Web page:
Exhibition of the Year: No Colour Bar: Black Art in Action 1960-1990

by Hamja Ahsan    There is an entire generation of us – of younger artists, aspiring art historians and curators of colour – who went to art school inspired by Rasheed Araeen’s attempts to readdress race equality and the imperialist legacy of British modern art institutions. We remained too young to visit landmark exhibitions like… Read More

Top 10 Causes in 2015 That Restored Faith in Humanity

by Rubab Zaidi It seems as though the last twelve months have brought one calamity after another – some caused by nature and some entirely manmade. It hasn’t all been gloom and doom though, because out of all the carnage and heartbreak there have emerged many acts of unity, heroism and genuine kindness. Like this… Read More

The Standout Screen Performances In 2015

CONTENT NOTE: This piece will contain spoilers for the programmes discussed. by Shane Thomas  A year ago, looking back on television that centred around people of colour, I highlighted Georgina Campbell’s staggering performance in Murdered By My Boyfriend. A performance that I confidently stated would receive no award recognition. Campbell went on to win a… Read More

Open Letter to the Financial Times: On Black Students Protesting Against Racism

We See Things Differently by Ahmed Olayinka Sule  Dear Edward, I write regarding your article, “The rise of liberal intolerance in America”, published in the Financial Times on 30 November 2015. The central theme of your paper was that the sensitivity of the liberal left in general and black agitators in particular is stifling free… Read More

No, Mrs Mugabe, I am not responsible for my rape.

By Anonymous TRIGGER WARNING: This piece contains descriptions of assault and discussions on rape, shaming and abuse. I was 22 and interning overseas at a big Inter-Governmental Organisation which employed a couple of hundred people. A flashy building, meeting VIPs, attending cocktail receptions – for me this was the equivalent of the bright lights of Hollywood.… Read More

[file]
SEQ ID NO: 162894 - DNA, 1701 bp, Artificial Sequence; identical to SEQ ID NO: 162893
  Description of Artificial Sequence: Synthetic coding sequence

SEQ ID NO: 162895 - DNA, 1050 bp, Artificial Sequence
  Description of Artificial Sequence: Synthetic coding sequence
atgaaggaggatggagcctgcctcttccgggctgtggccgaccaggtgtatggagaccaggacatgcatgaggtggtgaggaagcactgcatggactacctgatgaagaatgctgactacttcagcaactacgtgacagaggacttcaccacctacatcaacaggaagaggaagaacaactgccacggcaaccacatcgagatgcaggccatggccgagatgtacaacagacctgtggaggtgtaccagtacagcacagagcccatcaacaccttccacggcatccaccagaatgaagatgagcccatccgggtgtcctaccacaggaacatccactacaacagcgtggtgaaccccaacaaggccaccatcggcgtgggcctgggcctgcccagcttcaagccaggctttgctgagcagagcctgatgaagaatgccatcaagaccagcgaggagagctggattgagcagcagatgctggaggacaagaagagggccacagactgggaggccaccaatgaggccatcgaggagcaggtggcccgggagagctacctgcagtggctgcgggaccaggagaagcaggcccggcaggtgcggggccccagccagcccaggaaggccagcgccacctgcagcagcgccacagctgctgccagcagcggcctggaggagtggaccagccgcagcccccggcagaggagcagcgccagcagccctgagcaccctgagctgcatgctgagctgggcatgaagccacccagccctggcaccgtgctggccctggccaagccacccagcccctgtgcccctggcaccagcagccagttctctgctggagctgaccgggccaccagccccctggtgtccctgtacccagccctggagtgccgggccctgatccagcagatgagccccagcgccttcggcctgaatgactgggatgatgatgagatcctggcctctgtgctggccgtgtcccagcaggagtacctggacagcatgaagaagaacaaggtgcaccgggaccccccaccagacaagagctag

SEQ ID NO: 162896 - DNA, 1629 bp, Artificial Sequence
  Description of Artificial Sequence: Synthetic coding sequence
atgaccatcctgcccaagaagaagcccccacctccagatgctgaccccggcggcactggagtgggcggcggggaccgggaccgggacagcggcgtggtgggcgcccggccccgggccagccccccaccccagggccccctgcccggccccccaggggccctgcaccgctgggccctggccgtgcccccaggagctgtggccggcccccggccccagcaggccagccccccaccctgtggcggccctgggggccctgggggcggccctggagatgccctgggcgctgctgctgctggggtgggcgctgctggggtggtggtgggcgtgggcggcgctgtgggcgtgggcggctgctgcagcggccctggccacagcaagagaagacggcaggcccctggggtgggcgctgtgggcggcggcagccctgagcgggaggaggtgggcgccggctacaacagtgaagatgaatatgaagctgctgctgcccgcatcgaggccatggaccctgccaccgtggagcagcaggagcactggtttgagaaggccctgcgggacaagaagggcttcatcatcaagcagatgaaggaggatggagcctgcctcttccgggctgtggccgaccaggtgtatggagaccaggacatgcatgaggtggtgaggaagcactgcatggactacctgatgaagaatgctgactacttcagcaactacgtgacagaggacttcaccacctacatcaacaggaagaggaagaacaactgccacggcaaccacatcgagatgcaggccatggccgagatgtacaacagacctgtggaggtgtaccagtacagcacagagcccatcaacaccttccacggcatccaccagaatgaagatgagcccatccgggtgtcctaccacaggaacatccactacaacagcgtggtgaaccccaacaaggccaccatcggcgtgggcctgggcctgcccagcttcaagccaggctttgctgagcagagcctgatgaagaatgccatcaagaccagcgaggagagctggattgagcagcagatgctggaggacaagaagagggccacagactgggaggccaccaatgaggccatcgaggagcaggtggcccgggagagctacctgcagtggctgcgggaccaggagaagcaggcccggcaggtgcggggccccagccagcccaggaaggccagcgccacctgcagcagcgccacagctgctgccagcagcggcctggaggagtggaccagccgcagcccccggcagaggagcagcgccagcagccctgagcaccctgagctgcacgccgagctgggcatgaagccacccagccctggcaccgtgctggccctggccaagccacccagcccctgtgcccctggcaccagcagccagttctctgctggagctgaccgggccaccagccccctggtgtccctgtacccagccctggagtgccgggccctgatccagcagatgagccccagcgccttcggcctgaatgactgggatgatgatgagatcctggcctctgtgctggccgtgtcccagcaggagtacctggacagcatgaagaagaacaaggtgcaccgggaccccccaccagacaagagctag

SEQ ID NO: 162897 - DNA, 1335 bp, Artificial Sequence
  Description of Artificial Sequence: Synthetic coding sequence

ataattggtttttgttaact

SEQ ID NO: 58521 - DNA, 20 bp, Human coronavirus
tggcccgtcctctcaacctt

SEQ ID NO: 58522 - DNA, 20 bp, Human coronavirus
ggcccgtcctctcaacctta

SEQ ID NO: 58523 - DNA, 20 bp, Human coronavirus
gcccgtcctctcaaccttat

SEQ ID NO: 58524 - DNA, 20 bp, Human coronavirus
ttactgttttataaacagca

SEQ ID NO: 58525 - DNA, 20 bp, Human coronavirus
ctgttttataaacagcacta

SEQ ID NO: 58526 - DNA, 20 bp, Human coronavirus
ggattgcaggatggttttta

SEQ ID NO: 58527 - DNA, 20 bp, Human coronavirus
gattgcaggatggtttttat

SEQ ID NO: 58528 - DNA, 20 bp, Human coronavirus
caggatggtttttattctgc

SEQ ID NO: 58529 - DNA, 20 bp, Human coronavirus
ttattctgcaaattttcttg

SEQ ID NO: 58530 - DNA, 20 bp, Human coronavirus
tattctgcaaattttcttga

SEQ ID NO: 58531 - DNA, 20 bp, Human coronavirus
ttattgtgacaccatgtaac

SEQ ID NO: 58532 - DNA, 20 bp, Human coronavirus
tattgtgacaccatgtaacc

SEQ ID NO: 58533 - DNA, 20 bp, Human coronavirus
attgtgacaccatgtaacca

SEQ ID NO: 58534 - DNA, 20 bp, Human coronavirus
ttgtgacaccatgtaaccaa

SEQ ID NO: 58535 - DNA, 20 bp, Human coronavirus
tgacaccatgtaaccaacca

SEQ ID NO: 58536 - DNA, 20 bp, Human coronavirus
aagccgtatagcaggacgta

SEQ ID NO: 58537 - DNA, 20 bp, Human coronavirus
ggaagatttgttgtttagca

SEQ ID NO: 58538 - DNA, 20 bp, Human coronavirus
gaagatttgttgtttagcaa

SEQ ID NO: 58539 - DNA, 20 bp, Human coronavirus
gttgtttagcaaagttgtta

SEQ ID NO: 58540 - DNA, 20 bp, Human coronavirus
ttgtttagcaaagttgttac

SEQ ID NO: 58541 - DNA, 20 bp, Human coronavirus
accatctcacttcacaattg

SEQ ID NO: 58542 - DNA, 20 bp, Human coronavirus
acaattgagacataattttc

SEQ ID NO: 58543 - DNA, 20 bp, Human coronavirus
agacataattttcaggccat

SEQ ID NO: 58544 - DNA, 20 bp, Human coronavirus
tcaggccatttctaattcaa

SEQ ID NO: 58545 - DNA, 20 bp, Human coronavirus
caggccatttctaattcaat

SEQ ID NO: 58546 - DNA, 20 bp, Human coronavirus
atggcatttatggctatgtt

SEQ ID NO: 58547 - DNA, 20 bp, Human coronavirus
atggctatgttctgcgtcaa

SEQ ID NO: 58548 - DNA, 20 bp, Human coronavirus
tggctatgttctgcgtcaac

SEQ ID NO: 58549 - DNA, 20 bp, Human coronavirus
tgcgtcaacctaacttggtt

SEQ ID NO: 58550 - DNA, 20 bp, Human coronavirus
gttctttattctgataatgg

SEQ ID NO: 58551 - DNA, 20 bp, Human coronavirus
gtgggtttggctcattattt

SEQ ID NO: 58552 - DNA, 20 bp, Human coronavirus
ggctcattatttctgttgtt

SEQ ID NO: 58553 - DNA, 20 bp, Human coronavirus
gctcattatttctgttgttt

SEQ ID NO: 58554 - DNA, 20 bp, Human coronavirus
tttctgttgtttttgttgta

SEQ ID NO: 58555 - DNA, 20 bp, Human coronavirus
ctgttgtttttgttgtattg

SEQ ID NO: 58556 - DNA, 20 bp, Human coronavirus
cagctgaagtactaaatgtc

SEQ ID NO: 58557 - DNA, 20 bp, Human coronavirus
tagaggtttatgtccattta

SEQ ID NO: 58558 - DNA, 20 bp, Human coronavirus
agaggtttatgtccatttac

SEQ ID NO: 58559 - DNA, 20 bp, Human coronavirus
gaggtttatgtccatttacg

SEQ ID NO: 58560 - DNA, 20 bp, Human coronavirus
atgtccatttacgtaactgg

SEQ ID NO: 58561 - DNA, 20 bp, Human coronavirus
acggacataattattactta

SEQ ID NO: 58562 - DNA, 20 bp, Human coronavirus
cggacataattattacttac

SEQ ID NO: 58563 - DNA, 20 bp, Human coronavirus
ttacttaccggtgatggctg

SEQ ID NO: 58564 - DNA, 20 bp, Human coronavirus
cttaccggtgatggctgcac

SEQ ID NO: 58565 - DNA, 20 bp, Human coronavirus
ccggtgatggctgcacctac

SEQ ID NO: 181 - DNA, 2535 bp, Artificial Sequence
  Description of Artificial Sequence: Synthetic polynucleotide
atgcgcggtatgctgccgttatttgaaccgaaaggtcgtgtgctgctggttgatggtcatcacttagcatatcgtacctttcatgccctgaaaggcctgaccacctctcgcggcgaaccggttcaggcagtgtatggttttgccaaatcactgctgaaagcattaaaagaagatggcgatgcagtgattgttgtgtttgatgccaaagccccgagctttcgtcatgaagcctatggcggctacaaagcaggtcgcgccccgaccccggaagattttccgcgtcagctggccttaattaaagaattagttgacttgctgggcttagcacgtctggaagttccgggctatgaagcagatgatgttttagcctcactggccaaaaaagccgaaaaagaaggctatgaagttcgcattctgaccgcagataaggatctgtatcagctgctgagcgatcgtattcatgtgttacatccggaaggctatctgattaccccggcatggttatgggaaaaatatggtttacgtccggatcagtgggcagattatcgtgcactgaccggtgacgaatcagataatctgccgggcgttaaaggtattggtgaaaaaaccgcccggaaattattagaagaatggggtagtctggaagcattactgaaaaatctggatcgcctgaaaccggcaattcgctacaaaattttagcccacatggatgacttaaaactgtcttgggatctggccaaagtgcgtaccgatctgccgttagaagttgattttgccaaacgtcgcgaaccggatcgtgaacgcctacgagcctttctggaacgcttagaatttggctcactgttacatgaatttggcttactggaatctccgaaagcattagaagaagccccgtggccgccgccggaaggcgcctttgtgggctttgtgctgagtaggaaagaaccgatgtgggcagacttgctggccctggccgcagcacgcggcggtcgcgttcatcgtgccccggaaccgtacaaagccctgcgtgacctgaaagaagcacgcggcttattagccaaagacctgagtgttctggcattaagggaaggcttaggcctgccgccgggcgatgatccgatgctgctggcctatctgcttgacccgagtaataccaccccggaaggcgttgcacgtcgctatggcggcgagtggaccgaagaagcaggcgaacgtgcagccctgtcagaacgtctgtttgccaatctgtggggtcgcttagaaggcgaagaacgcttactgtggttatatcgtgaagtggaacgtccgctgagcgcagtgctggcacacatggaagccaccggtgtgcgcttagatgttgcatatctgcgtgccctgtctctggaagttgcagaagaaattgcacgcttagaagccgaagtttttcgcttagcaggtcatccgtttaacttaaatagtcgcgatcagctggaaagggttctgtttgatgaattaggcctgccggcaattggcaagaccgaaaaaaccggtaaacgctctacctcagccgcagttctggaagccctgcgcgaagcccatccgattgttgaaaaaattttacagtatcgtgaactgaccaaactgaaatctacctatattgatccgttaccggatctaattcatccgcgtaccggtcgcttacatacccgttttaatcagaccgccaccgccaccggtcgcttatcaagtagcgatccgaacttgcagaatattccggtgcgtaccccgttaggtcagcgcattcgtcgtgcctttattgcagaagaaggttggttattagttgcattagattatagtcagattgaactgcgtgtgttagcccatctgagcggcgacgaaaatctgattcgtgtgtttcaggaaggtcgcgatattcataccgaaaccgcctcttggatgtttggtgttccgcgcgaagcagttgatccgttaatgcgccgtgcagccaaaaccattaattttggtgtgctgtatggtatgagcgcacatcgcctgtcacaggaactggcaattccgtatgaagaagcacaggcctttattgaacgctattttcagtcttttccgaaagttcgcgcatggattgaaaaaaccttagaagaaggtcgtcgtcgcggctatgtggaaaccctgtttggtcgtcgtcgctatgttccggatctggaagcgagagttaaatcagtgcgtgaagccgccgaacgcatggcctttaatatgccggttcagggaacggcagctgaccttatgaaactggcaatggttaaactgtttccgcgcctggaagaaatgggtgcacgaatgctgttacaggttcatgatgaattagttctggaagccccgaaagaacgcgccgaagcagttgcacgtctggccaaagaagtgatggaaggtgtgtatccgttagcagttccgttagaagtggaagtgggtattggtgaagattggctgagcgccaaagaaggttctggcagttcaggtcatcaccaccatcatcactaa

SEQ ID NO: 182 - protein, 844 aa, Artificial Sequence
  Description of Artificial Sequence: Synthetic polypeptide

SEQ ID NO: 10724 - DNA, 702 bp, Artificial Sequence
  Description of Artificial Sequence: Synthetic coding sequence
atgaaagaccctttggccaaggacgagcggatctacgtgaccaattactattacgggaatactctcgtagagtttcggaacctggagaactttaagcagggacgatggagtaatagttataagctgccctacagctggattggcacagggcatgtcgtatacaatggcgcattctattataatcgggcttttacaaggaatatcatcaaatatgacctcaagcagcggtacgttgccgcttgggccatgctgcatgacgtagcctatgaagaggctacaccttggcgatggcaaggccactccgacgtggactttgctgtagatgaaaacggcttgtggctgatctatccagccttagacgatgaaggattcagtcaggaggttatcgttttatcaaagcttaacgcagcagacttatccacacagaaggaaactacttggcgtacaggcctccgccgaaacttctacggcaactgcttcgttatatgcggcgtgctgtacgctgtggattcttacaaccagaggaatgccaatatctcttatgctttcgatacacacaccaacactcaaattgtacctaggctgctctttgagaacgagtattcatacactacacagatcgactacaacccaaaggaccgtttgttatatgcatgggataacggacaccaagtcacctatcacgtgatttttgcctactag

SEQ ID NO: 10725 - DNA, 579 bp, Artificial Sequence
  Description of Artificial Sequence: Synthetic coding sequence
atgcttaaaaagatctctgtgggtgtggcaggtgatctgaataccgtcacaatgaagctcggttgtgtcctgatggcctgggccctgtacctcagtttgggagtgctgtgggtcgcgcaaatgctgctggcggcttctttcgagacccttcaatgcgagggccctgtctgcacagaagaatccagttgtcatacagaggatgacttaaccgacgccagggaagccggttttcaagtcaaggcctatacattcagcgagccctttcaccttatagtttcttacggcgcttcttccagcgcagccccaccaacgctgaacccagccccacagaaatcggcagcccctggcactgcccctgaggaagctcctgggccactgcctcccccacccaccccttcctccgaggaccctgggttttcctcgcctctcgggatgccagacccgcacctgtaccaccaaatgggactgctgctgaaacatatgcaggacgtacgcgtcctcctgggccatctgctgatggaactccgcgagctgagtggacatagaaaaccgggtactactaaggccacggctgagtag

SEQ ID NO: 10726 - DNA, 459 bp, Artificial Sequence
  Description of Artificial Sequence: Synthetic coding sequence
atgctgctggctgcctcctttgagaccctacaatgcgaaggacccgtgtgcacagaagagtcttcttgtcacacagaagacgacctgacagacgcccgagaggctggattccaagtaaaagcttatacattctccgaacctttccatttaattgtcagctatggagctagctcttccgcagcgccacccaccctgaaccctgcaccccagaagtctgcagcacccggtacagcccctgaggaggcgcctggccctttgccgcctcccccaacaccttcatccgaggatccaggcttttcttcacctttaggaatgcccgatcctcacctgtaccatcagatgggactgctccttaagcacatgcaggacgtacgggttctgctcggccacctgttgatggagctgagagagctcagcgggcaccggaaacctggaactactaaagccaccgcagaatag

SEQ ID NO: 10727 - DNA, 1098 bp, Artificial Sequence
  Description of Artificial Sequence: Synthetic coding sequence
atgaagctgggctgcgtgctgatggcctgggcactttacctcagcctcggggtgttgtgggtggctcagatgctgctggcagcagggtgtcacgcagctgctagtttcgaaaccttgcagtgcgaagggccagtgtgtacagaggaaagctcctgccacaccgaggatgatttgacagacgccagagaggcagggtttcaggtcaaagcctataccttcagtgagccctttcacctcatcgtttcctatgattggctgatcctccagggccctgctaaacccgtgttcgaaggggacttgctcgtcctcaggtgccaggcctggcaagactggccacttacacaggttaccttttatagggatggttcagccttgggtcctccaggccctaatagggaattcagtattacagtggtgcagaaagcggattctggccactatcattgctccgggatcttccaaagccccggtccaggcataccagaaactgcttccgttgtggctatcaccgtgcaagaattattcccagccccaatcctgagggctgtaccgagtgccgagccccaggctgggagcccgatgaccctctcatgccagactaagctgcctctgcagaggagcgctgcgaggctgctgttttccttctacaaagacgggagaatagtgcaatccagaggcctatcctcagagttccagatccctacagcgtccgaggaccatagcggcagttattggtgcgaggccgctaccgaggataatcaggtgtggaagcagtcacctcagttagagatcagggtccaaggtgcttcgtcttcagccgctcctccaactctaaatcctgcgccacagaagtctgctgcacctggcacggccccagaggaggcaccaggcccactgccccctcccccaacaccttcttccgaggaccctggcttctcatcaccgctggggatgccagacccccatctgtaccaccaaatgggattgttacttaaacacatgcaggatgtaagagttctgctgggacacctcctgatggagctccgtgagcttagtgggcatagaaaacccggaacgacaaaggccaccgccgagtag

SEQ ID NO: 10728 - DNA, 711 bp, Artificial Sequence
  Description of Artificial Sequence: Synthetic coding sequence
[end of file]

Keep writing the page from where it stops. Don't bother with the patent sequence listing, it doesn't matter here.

Why science fiction matters to life in the postcolony

by Haris A. Durrani I remember learning about the Sykes-Picot Agreement of 1916, that moment when Britain and France drew lines on a map of what is now known as the Middle East. I was in high school in the U.S., and the so-called Arab Spring had just erupted on the other side of the… Read More

So Nadiya won the Great British Bake Off, why the big deal?

By Henna Zamurd-Butt  Surely in “melting pot Britain” no one should be batting an eyelid at Nadiya Hussain’s win of the Great British Bake Off? Well yeah. But clearly the pot’s not as melted as we’d have hoped because the media has been flipping out about it all week. The Mail even broke its three-year run… Read More

If Cookie Ruled the World

by Stephanie Phillips  Imagine if Cookie Lyon actually ran the music industry. Just imagine. Everything would be at least 50% more fabulous, leopard print fedoras would become the standard industry uniform and there would be no more Andy Coppings spouting their uneducated views on women in the music industry. Yes, if there were more Cookies… Read More

Israel’s ID card system is crushing Palestinian identity in Palestine and abroad

by Alia Al Ghussain  The past five weeks have seen repeated clashes break out in East Jerusalem. Israel’s ongoing oppression of Palestinians means clashes with Israeli police forces are nothing new in occupied Palestine. This time, Palestinians are out to protest Israel’s recently imposed limitations on access to Al Aqsa Mosque, the mosque in the Old City… Read More